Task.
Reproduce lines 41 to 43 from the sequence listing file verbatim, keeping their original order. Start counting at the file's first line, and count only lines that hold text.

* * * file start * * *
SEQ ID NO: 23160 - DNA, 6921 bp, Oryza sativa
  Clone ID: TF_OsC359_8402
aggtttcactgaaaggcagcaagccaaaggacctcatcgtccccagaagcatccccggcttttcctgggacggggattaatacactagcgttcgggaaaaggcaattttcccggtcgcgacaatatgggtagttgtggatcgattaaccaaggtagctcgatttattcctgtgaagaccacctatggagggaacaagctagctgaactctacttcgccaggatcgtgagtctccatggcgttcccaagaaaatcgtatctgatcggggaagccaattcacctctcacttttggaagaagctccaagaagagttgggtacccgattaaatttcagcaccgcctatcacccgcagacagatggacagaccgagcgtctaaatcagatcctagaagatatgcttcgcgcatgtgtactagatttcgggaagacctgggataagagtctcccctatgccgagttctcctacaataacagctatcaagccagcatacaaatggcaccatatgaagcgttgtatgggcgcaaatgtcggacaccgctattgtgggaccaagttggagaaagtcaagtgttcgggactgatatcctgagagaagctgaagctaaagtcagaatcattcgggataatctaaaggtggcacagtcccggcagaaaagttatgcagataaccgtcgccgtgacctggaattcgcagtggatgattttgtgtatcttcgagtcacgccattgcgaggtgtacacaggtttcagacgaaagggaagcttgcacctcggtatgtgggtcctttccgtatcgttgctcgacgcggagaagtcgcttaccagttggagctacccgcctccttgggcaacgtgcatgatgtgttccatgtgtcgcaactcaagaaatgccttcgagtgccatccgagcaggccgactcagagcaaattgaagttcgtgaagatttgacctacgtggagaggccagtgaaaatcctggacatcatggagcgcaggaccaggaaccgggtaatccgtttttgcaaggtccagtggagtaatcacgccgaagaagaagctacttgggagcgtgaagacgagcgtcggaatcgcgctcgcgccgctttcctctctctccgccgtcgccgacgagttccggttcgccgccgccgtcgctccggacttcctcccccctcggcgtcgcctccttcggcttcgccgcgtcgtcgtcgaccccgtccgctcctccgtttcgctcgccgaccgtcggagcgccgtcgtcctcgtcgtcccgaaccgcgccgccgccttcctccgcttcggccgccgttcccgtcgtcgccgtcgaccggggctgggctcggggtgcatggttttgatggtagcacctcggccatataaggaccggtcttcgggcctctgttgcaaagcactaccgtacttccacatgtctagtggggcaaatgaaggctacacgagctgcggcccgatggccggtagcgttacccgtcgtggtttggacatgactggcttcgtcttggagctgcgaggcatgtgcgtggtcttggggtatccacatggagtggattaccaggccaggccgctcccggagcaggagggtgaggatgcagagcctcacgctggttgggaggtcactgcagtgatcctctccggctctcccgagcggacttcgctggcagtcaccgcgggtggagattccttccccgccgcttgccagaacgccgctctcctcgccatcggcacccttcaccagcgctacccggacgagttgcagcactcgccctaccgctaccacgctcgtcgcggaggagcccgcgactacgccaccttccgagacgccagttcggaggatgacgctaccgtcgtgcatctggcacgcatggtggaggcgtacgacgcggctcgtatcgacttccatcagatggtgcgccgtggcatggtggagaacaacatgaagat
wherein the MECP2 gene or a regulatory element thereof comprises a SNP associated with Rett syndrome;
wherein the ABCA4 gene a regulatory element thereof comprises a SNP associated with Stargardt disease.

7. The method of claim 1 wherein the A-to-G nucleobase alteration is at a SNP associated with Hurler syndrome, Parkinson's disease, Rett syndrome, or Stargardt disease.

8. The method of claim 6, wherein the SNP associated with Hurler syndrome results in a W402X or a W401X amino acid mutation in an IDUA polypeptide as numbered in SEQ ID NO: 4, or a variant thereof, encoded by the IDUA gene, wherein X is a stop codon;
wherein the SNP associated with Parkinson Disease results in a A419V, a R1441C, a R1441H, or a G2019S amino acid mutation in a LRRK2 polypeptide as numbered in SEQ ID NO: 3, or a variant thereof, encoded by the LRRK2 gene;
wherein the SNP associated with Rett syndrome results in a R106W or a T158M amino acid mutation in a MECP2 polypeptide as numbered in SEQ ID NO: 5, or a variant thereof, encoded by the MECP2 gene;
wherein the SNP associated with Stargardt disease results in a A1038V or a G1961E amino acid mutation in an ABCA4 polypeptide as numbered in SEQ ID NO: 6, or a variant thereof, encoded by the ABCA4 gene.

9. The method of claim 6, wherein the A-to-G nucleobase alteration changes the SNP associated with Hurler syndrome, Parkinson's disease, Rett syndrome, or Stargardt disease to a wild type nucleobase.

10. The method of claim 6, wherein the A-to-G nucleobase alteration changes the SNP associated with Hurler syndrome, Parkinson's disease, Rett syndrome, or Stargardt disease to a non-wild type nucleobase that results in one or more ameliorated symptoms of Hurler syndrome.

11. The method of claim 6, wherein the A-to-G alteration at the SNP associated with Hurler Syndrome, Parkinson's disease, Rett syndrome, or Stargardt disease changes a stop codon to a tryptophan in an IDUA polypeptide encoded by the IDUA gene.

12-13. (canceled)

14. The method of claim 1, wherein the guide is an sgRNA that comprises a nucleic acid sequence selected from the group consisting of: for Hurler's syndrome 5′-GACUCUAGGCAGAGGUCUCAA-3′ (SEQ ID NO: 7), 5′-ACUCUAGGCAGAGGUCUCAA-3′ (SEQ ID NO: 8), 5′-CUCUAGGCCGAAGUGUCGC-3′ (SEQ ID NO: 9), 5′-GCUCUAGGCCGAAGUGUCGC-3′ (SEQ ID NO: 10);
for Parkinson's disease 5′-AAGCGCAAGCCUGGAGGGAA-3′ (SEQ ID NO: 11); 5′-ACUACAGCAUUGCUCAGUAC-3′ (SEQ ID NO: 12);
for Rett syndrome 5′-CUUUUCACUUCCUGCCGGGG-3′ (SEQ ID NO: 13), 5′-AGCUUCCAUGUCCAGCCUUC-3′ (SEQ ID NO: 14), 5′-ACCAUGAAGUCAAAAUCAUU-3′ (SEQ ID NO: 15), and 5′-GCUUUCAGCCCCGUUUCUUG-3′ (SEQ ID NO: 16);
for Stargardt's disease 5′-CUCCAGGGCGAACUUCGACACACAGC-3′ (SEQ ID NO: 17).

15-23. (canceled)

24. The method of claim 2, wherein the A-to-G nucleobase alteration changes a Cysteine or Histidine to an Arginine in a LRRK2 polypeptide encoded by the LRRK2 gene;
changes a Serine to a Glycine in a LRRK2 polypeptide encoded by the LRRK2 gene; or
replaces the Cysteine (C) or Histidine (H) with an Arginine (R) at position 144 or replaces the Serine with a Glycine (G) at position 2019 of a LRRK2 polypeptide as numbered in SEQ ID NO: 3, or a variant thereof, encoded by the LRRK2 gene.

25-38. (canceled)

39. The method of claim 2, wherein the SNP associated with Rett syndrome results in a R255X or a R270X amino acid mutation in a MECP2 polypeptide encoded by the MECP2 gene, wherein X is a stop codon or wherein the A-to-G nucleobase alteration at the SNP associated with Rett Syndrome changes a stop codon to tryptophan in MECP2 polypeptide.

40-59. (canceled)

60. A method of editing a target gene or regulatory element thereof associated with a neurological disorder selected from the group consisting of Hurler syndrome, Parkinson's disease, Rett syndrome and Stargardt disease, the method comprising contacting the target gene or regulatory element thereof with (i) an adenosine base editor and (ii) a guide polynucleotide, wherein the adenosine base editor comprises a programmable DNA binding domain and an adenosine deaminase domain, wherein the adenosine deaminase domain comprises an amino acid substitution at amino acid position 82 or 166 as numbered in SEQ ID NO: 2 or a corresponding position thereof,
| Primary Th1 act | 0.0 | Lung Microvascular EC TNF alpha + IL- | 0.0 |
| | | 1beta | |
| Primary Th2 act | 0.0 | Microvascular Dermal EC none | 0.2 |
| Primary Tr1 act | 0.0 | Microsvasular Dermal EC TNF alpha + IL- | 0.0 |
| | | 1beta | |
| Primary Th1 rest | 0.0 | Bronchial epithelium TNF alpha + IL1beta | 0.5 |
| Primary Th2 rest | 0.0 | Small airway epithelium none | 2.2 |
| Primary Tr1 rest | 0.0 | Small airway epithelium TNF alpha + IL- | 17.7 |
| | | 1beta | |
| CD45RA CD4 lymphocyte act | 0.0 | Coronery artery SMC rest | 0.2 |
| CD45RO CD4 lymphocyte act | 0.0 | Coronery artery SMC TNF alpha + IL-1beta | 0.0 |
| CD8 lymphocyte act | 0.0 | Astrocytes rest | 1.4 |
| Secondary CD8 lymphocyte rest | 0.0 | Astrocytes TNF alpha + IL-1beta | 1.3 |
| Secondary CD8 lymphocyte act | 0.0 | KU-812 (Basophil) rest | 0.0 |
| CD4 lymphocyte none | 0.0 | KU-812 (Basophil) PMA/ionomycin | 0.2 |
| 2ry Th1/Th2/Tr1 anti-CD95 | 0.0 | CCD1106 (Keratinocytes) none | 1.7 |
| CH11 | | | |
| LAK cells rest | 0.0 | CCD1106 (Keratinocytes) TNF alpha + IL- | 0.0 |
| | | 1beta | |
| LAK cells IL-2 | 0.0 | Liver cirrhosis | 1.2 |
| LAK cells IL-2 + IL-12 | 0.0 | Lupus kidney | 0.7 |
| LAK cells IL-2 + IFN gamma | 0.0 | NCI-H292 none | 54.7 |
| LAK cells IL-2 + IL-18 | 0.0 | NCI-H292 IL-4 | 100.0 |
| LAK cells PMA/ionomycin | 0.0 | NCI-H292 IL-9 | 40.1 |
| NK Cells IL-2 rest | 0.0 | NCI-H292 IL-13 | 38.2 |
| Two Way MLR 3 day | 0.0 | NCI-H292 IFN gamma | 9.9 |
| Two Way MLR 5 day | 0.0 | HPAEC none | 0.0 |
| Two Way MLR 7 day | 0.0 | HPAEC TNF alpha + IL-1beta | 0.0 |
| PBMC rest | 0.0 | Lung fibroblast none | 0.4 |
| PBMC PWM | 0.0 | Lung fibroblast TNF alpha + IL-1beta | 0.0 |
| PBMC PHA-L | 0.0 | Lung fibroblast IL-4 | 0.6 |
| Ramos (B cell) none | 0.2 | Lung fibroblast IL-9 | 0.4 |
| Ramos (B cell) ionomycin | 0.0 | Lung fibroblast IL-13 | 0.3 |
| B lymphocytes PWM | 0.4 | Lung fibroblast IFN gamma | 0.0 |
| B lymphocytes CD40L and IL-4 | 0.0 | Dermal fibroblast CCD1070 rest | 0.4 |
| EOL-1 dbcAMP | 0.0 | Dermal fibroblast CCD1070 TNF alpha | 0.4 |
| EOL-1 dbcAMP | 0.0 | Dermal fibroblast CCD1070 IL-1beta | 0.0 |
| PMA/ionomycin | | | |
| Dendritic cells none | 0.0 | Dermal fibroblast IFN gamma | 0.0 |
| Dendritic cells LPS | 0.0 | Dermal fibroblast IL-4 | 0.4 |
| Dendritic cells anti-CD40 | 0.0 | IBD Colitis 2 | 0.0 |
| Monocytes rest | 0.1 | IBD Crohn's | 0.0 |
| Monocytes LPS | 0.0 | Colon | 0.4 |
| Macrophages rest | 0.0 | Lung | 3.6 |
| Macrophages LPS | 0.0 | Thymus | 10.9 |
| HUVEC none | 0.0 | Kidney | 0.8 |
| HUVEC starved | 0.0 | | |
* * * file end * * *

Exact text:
| CD4 lymphocyte none | 0.0 | KU-812 (Basophil) PMA/ionomycin | 0.2 |
| 2ry Th1/Th2/Tr1 anti-CD95 | 0.0 | CCD1106 (Keratinocytes) none | 1.7 |
| CH11 | | | |